“That’s for damn sure,” Zoe said, patting her belly, “and I for one am glad of it.”
“You are?” Janice asked. “I was. I was so proud to be carryin’ the Hero of Canton’s child!” she declared. “Now he ain’t even glad to know I done it for him!”
Simon took a deep breath. He turned to face the assembled people. “This child is not Jayne’s.”
“Not Jayne’s!” echoed Janice. “Well whose is he, then?”
No one had an answer for her.
Mal steered Jayne out of the infirmary and spoke to him quietly, pressing something into his hand. Then Zoe guided Janice out of the infirmary. Janice spoke to her son in a tearful sing-song, but the baby, worn out by all the emotion, had fallen into a peaceful slumber. Like most sleeping babies, he now looked like a perfect angel, and if she hadn’t heard it herself, Zoe never would have believed him capable of pumping out the decibels like he had. Though, perhaps, given his inheritance from his mother’s side, it wasn’t surprising.
“He really is a sweetie,” Zoe said quietly to Janice, asking permission with her eyes to stroke the child’s soft downy hair.
“He is the best baby ever,” Janice said tearfully, “and I wouldn’t trade him for anything in the ’Verse.”
Zoe joined Mal in the cargo bay, giving Jayne some privacy with Janice in the passenger lounge. Janice looked at Jayne with tears in her eyes. Now he was gonna gloat, and tell her I-told-ya-so. Men could be such 混蛋 húndàn. Jayne approached and she braced herself.
He spoke in a surprisingly soft and gentle voice. “Janice, I want you ta know—I’m a—it’s—well, I’m honored ta think you wanted a child a’ mine, even knowin’ I weren’t gonna be around ta help you with it. You’re a brave woman.” He cupped her face in his hands. “You’re a very fine woman, an’ I’m pleased I met ya again here on Beylix.” He gave her a kiss. Weren’t gonna be on her mouth, but she turned her head. Then he handed her a little package. “This is for the little one. Even though he ain’t mine, it’s only right that somebody give you a helping hand.” Whatever else he was gonna say was cut off by another kiss.
“Jayne!” she said, in a breathless whisper. “You’re still the Hero of Canton.” Then she carried her little bundle of joy proudly across the junk-strewn cargo bay, down the ramp, and into the mule, where Zoe waited to take her home.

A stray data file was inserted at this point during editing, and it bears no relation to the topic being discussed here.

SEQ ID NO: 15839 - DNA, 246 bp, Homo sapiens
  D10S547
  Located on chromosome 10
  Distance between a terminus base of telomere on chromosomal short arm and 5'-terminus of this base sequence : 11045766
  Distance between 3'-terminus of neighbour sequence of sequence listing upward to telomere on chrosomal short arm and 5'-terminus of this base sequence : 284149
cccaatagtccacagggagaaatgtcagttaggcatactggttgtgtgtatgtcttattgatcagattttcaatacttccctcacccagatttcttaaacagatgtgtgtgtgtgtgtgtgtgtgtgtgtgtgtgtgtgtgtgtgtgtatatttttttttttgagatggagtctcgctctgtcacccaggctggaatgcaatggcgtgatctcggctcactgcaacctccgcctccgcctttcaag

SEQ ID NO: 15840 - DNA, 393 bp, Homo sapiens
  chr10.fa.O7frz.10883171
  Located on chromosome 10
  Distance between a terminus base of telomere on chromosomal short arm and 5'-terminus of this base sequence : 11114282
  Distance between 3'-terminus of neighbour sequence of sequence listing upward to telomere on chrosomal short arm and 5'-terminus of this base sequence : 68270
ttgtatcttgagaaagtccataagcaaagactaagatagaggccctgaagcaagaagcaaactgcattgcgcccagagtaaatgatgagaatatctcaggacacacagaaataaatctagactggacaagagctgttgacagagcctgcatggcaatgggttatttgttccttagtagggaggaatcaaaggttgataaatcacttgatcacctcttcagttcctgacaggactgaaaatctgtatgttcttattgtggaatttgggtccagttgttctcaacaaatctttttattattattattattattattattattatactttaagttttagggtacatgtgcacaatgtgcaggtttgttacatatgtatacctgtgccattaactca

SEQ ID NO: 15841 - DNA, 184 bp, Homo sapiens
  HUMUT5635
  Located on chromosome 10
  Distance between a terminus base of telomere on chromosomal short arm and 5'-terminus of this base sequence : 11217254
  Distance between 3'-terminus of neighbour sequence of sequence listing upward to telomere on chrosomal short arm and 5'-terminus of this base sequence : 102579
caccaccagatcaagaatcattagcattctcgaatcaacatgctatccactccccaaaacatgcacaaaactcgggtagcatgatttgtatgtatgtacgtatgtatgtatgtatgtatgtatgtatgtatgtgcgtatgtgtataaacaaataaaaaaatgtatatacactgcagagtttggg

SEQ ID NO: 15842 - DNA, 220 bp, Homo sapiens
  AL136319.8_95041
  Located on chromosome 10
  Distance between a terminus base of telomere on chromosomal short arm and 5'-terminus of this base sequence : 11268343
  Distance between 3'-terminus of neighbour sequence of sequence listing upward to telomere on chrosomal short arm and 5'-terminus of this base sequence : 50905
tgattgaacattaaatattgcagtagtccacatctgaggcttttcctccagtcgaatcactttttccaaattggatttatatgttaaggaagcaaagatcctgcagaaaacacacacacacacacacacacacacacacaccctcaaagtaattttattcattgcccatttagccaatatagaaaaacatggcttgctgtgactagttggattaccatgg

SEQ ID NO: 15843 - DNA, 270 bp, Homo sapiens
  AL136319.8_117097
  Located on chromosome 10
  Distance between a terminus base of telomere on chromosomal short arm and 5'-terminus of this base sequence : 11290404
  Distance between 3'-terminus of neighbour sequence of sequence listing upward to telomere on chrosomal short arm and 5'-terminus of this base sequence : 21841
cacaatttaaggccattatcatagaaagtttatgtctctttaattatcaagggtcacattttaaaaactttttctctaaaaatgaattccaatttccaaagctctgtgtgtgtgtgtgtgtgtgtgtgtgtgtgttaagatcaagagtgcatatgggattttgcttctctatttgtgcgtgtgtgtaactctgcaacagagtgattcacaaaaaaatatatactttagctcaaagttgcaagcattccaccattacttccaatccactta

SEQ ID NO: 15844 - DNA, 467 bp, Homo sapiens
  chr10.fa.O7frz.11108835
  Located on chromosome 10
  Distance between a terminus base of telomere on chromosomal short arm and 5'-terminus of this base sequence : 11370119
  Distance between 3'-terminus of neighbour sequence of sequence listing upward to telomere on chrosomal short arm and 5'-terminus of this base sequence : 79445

“It don’t make no sense,” Jayne said. He and Mal were leaning over the catwalk rail, overlooking the mountains of spare parts heaped all about. “Hell, Mal, she still thinks I’m some kind of ruttin’ hero. Don’t understand why them Mudder folk thought I was a hero in the first place.” He paused, a disturbed look on his face. “Hell, the kid’ll probably grow up with her tellin’ him that I’m his father, no matter that the test said I weren’t.”
“Most like,” Mal agreed. “It’s not about what’s true, it’s about what she needs. You already done more fathering for that kid than whatever 混蛋 húndàn sired him. Just by showin’ you cared about him and his mother.”
“Never aimed to be a father.”
“It’s about what she needs, Jayne. She needs her kid’s father to be a hero, and you’re the hero she knows.”
“Still don’t make no sense.”
地狱 dìyù [hell]
垃圾 lājī [garbage]
鱼臭 垃圾 yú chòu lājī [fish-stinking garbage]
马上 mǎshàng [right away]
哎呀 Āiyā [Damn]
嘿 Hēi [Hey]
你们都 闭嘴! Nǐmen dōu bìzǔi! [Everybody shut the hell up]!
地狱 dìyù [hell]
该死的 gāisǐde [damn]
妹妹 mèimei [little sister]
马上 mǎshàng [right now]
混蛋 húndàn [bastards]
Previous Part | Next Part
Thursday, October 20, 2011 6:21 AM
Thursday, October 20, 2011 7:30 AM
Thursday, October 20, 2011 7:41 AM
Thursday, October 20, 2011 7:45 AM
Thursday, October 20, 2011 7:48 AM
Thursday, October 20, 2011 9:31 AM
Thursday, October 20, 2011 10:21 AM
Thursday, October 20, 2011 2:00 PM
Thursday, October 20, 2011 2:03 PM
Thursday, October 20, 2011 3:34 PM
Thursday, October 20, 2011 5:02 PM
Friday, October 21, 2011 3:59 PM
Friday, October 21, 2011 5:08 PM
Thursday, November 3, 2011 12:49 PM
Friday, November 4, 2011 9:51 AM
You must log in to post comments.
OTHER FANFICS BY AUTHOR
All FIREFLY graphics and photos on this page are copyright 2002-2012 Mutant Enemy, Inc., Universal Pictures, and 20th Century Fox.
All other graphics and texts are copyright of the contributors to this website.
This website IS NOT affiliated with the Official Firefly Site, Mutant Enemy, Inc., or 20th Century Fox.